Only dwarfs orbiting further than Neptune can be classified as a plutoid, and
they must also circle the sun and be large enough to have their own
gravitational field. Pluto's permanent classification as a plutoid now
means Neptune is the outermost planet in Earth's solar system; one complete
orbit around the sun takes almost 165 years.
are celestial bodies in orbit around the sun at a distance greater than
that of Neptune that have sufficient mass for their self-gravity to overcome
rigid body forces so that they assume a hydrostatic equilibrium
(near-spherical) shape, and that have not cleared the neighborhood around their
orbit," said the IAU.
Pluto and Eris remain the only plutoids at the moment, but astronomers expect
to find other small bodies that meet the qualifications to be a plutoid.
The controversy over Pluto's planet status has been strong for years, and the
IAU-created plutoid classification most likely will not end the debate.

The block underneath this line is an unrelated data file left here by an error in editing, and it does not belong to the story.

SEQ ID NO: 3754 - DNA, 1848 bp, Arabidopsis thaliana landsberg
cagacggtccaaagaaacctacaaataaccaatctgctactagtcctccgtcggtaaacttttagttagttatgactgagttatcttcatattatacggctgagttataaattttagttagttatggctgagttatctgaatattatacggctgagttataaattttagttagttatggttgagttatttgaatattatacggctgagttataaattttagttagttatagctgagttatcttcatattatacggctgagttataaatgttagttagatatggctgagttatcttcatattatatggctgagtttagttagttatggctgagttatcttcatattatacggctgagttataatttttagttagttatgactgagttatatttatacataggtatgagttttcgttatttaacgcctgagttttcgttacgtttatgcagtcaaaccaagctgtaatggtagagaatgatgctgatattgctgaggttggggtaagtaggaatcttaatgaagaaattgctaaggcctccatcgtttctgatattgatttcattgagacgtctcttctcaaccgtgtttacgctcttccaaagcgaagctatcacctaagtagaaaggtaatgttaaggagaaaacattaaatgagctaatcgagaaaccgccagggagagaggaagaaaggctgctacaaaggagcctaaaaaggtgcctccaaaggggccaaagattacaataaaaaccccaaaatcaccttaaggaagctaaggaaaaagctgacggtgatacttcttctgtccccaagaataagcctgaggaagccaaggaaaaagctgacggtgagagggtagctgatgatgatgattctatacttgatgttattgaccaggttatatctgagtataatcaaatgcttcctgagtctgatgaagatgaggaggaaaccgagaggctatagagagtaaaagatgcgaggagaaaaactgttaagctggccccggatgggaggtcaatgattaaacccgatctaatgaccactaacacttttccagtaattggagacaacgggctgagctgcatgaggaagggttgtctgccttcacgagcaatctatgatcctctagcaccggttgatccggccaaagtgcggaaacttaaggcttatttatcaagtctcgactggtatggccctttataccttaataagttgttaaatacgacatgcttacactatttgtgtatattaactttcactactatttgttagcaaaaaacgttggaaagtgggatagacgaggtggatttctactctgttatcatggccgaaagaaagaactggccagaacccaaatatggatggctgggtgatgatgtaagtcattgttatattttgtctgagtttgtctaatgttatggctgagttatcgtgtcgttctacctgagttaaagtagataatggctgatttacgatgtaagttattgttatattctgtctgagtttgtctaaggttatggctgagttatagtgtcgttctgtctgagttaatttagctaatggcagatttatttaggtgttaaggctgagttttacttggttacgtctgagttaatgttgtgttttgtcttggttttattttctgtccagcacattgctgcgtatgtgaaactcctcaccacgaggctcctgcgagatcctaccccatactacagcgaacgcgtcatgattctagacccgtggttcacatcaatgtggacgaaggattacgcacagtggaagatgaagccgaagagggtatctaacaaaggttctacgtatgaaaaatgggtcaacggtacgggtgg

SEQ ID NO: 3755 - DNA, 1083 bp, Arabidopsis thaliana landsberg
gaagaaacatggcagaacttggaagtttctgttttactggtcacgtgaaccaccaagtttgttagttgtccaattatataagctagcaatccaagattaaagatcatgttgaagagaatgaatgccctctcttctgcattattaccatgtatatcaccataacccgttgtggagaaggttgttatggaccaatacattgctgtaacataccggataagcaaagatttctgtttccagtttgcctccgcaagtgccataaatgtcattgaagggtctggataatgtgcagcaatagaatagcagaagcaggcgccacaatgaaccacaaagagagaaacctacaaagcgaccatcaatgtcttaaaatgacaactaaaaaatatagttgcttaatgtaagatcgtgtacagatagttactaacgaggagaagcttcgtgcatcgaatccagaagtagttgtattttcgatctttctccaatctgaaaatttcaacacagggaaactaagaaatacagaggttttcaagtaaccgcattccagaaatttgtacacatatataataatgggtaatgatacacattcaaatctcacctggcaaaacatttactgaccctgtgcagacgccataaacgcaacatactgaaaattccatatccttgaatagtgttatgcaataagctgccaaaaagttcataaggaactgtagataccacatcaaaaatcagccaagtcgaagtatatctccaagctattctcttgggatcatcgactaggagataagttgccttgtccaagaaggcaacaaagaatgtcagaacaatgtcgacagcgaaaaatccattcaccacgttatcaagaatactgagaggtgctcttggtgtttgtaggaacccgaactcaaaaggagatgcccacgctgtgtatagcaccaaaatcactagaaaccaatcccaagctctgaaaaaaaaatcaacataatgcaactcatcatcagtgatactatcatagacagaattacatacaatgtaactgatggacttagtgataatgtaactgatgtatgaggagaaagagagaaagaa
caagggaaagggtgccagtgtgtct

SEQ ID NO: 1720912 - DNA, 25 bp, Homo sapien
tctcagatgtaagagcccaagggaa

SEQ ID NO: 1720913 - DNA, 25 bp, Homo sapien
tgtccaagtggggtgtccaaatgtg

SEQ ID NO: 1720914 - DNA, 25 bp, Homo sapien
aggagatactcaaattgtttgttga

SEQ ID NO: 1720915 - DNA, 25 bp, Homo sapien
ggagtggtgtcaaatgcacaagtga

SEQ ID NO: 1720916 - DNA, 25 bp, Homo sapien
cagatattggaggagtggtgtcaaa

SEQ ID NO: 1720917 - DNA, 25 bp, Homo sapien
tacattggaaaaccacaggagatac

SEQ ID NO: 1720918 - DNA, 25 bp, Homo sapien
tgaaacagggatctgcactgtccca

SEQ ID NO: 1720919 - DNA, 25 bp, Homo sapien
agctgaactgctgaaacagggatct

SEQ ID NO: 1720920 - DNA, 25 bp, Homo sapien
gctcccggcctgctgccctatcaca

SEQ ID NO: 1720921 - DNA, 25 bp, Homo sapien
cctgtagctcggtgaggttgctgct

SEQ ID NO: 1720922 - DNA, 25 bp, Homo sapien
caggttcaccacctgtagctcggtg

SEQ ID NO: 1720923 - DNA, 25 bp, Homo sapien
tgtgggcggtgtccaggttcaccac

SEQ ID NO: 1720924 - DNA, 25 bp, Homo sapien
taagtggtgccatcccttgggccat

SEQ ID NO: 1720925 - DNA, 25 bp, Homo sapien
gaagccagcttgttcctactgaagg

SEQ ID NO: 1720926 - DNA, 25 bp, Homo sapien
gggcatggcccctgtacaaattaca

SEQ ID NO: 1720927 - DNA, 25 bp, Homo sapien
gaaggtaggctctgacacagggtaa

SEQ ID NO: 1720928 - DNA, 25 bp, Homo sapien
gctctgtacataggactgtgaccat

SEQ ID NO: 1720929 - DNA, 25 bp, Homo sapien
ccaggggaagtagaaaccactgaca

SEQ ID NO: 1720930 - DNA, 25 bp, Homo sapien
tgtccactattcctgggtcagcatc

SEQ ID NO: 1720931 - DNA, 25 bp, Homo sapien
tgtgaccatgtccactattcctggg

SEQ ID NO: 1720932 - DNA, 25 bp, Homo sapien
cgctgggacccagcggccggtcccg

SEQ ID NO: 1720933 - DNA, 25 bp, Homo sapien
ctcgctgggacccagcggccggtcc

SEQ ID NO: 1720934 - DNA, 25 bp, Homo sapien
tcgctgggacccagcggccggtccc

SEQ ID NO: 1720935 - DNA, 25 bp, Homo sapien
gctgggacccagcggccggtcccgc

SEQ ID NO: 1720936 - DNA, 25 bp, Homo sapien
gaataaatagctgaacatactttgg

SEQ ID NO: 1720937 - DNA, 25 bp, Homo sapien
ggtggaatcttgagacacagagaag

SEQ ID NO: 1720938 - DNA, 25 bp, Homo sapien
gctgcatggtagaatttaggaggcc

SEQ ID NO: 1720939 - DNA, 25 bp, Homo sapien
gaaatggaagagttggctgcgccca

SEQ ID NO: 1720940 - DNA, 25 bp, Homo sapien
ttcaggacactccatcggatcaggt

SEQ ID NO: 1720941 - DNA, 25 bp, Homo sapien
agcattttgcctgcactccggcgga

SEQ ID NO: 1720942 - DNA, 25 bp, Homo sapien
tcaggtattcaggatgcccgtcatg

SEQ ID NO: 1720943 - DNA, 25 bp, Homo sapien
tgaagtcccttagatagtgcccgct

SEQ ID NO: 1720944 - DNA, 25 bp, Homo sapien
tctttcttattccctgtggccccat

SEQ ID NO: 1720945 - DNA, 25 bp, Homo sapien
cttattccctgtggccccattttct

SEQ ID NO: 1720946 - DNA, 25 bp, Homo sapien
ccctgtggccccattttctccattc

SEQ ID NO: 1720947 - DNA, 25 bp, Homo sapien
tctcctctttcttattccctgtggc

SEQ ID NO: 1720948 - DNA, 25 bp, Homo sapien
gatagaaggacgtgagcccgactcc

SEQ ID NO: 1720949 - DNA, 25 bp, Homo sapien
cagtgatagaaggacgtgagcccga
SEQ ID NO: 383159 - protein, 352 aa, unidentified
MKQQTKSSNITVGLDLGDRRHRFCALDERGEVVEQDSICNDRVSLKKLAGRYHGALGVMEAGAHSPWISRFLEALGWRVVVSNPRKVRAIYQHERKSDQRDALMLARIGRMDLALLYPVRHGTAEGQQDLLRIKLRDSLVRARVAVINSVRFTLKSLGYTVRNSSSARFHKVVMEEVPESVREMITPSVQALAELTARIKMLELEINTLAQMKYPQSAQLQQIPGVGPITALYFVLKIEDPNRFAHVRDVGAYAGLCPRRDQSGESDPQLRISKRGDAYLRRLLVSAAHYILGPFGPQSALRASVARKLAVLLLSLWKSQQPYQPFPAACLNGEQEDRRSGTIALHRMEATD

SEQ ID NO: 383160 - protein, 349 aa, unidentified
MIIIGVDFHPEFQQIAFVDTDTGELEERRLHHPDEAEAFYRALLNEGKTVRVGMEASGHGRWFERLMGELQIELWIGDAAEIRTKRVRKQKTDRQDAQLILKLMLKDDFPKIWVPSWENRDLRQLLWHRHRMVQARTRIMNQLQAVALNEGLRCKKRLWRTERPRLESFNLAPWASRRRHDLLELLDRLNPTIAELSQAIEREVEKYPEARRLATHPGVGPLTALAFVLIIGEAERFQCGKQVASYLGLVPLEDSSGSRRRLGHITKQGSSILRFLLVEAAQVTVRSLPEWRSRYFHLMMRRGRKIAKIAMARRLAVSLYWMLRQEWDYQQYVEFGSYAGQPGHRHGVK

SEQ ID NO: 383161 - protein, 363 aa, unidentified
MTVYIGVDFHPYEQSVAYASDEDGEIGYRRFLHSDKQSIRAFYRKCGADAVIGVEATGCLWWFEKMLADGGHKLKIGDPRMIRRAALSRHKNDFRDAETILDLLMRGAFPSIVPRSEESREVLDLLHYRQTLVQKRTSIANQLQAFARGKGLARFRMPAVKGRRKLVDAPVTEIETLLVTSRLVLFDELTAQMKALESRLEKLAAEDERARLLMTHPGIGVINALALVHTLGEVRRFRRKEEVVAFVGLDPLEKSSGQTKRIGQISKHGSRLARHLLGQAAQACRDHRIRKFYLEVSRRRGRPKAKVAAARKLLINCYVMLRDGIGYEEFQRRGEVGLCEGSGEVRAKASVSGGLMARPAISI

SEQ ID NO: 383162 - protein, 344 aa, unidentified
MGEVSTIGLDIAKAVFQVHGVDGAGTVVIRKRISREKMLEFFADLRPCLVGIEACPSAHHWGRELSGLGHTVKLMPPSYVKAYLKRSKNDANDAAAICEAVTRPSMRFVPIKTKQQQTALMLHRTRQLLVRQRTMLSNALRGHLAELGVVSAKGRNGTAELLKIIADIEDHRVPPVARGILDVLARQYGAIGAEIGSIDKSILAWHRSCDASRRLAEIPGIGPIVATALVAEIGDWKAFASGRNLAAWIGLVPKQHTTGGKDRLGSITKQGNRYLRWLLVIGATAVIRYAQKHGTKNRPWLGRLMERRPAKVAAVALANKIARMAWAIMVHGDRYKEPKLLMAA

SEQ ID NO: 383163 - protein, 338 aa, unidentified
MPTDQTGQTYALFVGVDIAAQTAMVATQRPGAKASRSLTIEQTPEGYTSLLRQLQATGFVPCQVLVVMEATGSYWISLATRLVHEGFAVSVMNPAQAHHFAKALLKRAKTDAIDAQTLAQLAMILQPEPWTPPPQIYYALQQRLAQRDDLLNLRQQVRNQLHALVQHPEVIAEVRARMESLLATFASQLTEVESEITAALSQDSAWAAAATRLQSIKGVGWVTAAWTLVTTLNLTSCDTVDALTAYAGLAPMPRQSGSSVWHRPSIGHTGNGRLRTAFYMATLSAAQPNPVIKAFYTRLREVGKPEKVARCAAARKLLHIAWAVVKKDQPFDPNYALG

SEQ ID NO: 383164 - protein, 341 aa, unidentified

In fact, it is unlikely the debate regarding Pluto's status and what it should
be classified as will never end, and defining it as a "plutoid" will
only add fuel to the fire.
Many astronomers remain angry that Pluto, considered a planet for around 70
years, could have its status demoted so easily by the IAU. Text book
publishers and teachers must now begin to teach students that Pluto lost its
planet status and is now a plutoid, along with describing the new
The IAU has been the sole organization responsible for classifying all
planetary bodies for more than a decade.
quote: Actually dolphins & whales are aquatic mammals since they have lungs,[...]